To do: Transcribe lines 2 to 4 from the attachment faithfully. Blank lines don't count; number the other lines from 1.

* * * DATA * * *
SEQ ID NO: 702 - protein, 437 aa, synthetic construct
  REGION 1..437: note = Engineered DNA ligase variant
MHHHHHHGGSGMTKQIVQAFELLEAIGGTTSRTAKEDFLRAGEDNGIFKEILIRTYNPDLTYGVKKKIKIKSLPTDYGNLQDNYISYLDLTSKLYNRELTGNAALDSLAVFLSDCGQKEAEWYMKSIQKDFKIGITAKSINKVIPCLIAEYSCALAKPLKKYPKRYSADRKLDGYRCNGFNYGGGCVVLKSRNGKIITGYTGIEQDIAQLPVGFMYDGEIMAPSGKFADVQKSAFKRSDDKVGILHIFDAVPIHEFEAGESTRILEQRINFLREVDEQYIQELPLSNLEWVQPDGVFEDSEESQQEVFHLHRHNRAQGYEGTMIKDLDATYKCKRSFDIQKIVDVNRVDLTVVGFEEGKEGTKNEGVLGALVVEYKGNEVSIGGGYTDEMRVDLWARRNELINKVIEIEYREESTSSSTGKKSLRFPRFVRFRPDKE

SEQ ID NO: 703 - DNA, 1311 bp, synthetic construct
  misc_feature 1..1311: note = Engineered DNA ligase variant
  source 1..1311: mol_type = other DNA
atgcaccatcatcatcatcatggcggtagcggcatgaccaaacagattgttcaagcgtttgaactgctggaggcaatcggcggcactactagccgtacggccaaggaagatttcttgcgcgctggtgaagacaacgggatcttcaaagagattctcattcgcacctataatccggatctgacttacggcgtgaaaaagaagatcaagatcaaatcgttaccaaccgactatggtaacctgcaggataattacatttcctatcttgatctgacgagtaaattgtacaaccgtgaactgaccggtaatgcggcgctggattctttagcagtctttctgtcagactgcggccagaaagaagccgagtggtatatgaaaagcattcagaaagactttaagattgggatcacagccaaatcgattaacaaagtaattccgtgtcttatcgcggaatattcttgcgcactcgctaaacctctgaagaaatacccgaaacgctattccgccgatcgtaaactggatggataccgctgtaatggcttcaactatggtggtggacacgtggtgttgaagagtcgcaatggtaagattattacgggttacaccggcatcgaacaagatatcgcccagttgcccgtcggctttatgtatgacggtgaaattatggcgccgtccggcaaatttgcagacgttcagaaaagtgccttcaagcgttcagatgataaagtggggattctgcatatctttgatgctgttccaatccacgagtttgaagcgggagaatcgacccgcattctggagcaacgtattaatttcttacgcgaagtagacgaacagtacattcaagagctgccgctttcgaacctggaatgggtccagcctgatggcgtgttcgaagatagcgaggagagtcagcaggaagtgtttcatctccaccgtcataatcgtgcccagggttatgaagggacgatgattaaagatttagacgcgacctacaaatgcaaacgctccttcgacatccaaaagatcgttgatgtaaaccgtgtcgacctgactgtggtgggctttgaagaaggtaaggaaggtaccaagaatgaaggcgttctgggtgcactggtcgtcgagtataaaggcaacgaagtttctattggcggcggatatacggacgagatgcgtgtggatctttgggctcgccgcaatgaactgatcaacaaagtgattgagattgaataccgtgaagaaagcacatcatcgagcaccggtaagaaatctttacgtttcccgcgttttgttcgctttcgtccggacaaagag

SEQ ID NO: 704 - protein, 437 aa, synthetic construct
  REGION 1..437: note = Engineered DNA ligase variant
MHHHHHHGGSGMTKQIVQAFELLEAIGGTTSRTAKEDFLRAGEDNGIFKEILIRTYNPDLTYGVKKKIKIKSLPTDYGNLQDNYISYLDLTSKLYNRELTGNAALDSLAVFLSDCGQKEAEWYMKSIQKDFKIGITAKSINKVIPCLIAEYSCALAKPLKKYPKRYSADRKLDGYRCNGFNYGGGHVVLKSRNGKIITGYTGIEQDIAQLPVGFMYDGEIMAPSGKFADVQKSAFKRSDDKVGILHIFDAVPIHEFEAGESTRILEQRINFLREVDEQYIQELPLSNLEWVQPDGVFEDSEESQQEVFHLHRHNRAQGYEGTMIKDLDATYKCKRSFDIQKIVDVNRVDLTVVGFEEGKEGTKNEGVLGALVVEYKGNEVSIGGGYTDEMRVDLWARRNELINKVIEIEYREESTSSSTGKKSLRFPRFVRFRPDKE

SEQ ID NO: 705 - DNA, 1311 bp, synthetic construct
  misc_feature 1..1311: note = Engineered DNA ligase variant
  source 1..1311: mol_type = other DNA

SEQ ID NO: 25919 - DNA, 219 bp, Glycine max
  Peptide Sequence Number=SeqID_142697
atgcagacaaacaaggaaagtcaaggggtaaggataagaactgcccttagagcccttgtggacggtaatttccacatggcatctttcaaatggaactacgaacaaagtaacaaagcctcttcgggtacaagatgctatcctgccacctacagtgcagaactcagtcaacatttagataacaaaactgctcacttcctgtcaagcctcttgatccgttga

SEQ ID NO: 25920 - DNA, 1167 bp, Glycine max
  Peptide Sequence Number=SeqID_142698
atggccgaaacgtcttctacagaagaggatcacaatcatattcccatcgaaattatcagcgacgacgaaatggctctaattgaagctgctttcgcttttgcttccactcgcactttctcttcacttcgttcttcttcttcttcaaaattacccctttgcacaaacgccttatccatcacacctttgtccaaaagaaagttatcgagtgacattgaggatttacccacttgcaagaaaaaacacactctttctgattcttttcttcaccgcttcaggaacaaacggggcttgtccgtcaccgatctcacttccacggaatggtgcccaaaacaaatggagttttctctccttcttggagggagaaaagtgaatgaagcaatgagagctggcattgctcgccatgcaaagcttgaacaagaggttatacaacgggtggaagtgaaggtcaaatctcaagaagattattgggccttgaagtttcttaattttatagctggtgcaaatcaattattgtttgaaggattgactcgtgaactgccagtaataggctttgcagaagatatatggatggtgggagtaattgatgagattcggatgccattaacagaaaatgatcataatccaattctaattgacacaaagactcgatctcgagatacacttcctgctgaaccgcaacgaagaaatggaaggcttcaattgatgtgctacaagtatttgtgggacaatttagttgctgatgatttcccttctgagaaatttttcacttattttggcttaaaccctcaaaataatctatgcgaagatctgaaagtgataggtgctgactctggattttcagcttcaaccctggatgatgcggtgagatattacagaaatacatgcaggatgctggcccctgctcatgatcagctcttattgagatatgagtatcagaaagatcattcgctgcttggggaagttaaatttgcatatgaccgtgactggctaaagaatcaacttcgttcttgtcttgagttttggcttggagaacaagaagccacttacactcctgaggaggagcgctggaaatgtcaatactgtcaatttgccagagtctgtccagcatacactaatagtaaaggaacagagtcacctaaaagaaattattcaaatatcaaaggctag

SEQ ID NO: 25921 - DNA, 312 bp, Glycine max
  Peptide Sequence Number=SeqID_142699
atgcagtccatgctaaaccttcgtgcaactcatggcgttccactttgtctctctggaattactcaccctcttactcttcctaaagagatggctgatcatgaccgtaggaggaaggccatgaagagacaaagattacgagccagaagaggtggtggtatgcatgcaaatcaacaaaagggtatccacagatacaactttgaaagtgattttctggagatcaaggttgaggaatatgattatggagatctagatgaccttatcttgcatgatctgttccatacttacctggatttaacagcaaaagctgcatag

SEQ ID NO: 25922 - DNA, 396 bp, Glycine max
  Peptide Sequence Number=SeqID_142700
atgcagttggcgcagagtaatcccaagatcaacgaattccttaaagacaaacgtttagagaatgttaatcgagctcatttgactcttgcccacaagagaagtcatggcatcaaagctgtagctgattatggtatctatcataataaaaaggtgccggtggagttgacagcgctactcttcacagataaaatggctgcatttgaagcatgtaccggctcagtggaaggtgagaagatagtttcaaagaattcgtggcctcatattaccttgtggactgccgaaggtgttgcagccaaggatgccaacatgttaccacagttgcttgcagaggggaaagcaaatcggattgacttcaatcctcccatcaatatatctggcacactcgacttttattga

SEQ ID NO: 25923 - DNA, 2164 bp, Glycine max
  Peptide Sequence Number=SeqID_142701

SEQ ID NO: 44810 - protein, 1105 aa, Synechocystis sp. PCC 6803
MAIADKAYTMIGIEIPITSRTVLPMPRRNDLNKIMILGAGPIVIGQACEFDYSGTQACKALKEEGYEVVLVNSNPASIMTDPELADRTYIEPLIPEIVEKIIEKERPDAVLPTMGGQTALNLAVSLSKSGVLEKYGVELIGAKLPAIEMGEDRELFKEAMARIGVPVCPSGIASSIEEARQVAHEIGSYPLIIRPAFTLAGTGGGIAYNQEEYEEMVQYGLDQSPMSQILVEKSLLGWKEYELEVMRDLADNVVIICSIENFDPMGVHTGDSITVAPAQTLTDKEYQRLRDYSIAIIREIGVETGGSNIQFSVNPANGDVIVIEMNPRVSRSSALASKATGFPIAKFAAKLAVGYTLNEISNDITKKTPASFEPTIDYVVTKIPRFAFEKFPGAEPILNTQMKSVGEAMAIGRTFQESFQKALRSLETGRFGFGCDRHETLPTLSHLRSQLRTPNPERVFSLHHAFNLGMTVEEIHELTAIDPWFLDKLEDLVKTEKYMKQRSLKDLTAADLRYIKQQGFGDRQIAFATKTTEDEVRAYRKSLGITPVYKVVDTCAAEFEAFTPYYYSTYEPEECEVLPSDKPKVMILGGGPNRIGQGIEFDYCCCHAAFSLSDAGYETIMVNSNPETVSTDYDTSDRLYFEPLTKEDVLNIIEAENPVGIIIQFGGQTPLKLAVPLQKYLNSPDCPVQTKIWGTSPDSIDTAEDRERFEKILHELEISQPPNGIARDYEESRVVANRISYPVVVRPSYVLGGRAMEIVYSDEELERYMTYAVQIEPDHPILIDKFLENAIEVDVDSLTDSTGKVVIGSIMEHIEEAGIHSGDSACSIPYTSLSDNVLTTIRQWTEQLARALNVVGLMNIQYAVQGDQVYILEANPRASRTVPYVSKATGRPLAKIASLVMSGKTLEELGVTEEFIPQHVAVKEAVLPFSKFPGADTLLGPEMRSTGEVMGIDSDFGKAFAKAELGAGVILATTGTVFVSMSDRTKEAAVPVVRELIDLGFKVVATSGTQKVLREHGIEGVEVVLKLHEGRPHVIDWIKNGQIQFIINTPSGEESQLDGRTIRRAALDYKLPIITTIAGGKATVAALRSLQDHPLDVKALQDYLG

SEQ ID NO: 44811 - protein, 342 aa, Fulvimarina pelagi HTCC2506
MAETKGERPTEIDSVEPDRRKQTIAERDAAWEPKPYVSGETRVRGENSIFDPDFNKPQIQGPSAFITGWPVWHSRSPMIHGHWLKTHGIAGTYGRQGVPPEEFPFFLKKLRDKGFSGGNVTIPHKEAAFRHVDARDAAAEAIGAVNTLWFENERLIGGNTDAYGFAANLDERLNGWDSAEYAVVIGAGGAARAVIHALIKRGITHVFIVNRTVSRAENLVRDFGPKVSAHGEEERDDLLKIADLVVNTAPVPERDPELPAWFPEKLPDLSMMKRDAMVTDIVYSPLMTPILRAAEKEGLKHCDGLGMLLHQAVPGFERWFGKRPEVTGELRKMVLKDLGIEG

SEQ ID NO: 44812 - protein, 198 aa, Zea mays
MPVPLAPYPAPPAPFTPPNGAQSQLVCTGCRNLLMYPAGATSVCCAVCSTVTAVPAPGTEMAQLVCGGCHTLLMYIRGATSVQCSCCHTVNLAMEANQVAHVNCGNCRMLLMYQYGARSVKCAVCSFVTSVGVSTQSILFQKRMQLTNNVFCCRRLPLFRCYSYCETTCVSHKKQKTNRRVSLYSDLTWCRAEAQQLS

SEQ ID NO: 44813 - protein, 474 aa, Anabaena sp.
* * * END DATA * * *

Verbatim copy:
  REGION 1..437: note = Engineered DNA ligase variant
MHHHHHHGGSGMTKQIVQAFELLEAIGGTTSRTAKEDFLRAGEDNGIFKEILIRTYNPDLTYGVKKKIKIKSLPTDYGNLQDNYISYLDLTSKLYNRELTGNAALDSLAVFLSDCGQKEAEWYMKSIQKDFKIGITAKSINKVIPCLIAEYSCALAKPLKKYPKRYSADRKLDGYRCNGFNYGGGCVVLKSRNGKIITGYTGIEQDIAQLPVGFMYDGEIMAPSGKFADVQKSAFKRSDDKVGILHIFDAVPIHEFEAGESTRILEQRINFLREVDEQYIQELPLSNLEWVQPDGVFEDSEESQQEVFHLHRHNRAQGYEGTMIKDLDATYKCKRSFDIQKIVDVNRVDLTVVGFEEGKEGTKNEGVLGALVVEYKGNEVSIGGGYTDEMRVDLWARRNELINKVIEIEYREESTSSSTGKKSLRFPRFVRFRPDKE

SEQ ID NO: 703 - DNA, 1311 bp, synthetic construct